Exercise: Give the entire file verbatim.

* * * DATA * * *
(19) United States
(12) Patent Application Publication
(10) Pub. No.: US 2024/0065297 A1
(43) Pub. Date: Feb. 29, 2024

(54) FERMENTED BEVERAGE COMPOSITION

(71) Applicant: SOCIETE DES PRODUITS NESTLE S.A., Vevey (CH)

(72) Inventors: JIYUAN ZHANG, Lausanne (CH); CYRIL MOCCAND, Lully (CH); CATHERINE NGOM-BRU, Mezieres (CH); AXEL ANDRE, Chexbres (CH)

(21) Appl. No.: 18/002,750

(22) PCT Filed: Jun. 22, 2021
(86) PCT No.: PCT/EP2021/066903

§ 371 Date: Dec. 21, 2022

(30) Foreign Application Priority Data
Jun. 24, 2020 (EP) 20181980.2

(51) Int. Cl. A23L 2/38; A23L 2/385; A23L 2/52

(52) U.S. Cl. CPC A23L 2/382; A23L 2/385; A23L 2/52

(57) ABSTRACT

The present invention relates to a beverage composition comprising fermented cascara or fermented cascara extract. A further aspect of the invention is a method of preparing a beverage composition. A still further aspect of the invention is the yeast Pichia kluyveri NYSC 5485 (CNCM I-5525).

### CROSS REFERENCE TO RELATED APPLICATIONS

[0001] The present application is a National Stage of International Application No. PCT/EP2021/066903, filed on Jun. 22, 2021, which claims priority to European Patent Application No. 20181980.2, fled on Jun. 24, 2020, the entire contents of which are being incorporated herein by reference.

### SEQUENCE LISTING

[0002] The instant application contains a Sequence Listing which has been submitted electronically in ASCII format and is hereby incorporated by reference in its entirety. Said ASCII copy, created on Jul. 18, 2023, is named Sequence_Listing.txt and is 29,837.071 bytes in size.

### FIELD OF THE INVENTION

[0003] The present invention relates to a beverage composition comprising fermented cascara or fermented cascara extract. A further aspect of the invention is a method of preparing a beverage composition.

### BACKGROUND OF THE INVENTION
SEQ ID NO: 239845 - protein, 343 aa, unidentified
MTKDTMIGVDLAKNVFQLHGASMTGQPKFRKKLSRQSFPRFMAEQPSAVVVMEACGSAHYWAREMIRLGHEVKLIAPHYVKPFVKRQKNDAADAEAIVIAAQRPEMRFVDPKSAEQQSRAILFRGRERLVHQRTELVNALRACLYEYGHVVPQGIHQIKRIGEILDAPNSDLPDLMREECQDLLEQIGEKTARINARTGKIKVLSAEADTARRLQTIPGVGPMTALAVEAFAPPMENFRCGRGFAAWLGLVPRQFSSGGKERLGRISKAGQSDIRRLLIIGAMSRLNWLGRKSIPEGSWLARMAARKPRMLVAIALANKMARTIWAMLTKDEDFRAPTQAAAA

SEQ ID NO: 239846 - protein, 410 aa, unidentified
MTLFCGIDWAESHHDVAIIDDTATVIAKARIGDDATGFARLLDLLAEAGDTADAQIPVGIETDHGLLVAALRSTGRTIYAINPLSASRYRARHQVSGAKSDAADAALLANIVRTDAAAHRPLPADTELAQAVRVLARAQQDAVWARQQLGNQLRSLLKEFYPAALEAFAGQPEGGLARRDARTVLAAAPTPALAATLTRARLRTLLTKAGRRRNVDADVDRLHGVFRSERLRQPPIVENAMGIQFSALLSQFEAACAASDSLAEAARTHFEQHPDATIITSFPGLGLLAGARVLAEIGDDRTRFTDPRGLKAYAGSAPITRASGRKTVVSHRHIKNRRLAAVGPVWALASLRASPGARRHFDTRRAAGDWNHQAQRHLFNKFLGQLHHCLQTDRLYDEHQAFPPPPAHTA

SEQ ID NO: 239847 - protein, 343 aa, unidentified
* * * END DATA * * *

(19) United States
(12) Patent Application Publication
(10) Pub. No.: US 2024/0065297 A1
(43) Pub. Date: Feb. 29, 2024

(54) FERMENTED BEVERAGE COMPOSITION

(71) Applicant: SOCIETE DES PRODUITS NESTLE S.A., Vevey (CH)

(72) Inventors: JIYUAN ZHANG, Lausanne (CH); CYRIL MOCCAND, Lully (CH); CATHERINE NGOM-BRU, Mezieres (CH); AXEL ANDRE, Chexbres (CH)

(21) Appl. No.: 18/002,750

(22) PCT Filed: Jun. 22, 2021
(86) PCT No.: PCT/EP2021/066903

§ 371 Date: Dec. 21, 2022

(30) Foreign Application Priority Data
Jun. 24, 2020 (EP) 20181980.2

(51) Int. Cl. A23L 2/38; A23L 2/385; A23L 2/52

(52) U.S. Cl. CPC A23L 2/382; A23L 2/385; A23L 2/52

(57) ABSTRACT

The present invention relates to a beverage composition comprising fermented cascara or fermented cascara extract. A further aspect of the invention is a method of preparing a beverage composition. A still further aspect of the invention is the yeast Pichia kluyveri NYSC 5485 (CNCM I-5525).

### CROSS REFERENCE TO RELATED APPLICATIONS

[0001] The present application is a National Stage of International Application No. PCT/EP2021/066903, filed on Jun. 22, 2021, which claims priority to European Patent Application No. 20181980.2, fled on Jun. 24, 2020, the entire contents of which are being incorporated herein by reference.

### SEQUENCE LISTING

[0002] The instant application contains a Sequence Listing which has been submitted electronically in ASCII format and is hereby incorporated by reference in its entirety. Said ASCII copy, created on Jul. 18, 2023, is named Sequence_Listing.txt and is 29,837.071 bytes in size.

### FIELD OF THE INVENTION

[0003] The present invention relates to a beverage composition comprising fermented cascara or fermented cascara extract. A further aspect of the invention is a method of preparing a beverage composition.

### BACKGROUND OF THE INVENTION
SEQ ID NO: 239845 - protein, 343 aa, unidentified
MTKDTMIGVDLAKNVFQLHGASMTGQPKFRKKLSRQSFPRFMAEQPSAVVVMEACGSAHYWAREMIRLGHEVKLIAPHYVKPFVKRQKNDAADAEAIVIAAQRPEMRFVDPKSAEQQSRAILFRGRERLVHQRTELVNALRACLYEYGHVVPQGIHQIKRIGEILDAPNSDLPDLMREECQDLLEQIGEKTARINARTGKIKVLSAEADTARRLQTIPGVGPMTALAVEAFAPPMENFRCGRGFAAWLGLVPRQFSSGGKERLGRISKAGQSDIRRLLIIGAMSRLNWLGRKSIPEGSWLARMAARKPRMLVAIALANKMARTIWAMLTKDEDFRAPTQAAAA

SEQ ID NO: 239846 - protein, 410 aa, unidentified
MTLFCGIDWAESHHDVAIIDDTATVIAKARIGDDATGFARLLDLLAEAGDTADAQIPVGIETDHGLLVAALRSTGRTIYAINPLSASRYRARHQVSGAKSDAADAALLANIVRTDAAAHRPLPADTELAQAVRVLARAQQDAVWARQQLGNQLRSLLKEFYPAALEAFAGQPEGGLARRDARTVLAAAPTPALAATLTRARLRTLLTKAGRRRNVDADVDRLHGVFRSERLRQPPIVENAMGIQFSALLSQFEAACAASDSLAEAARTHFEQHPDATIITSFPGLGLLAGARVLAEIGDDRTRFTDPRGLKAYAGSAPITRASGRKTVVSHRHIKNRRLAAVGPVWALASLRASPGARRHFDTRRAAGDWNHQAQRHLFNKFLGQLHHCLQTDRLYDEHQAFPPPPAHTA

SEQ ID NO: 239847 - protein, 343 aa, unidentified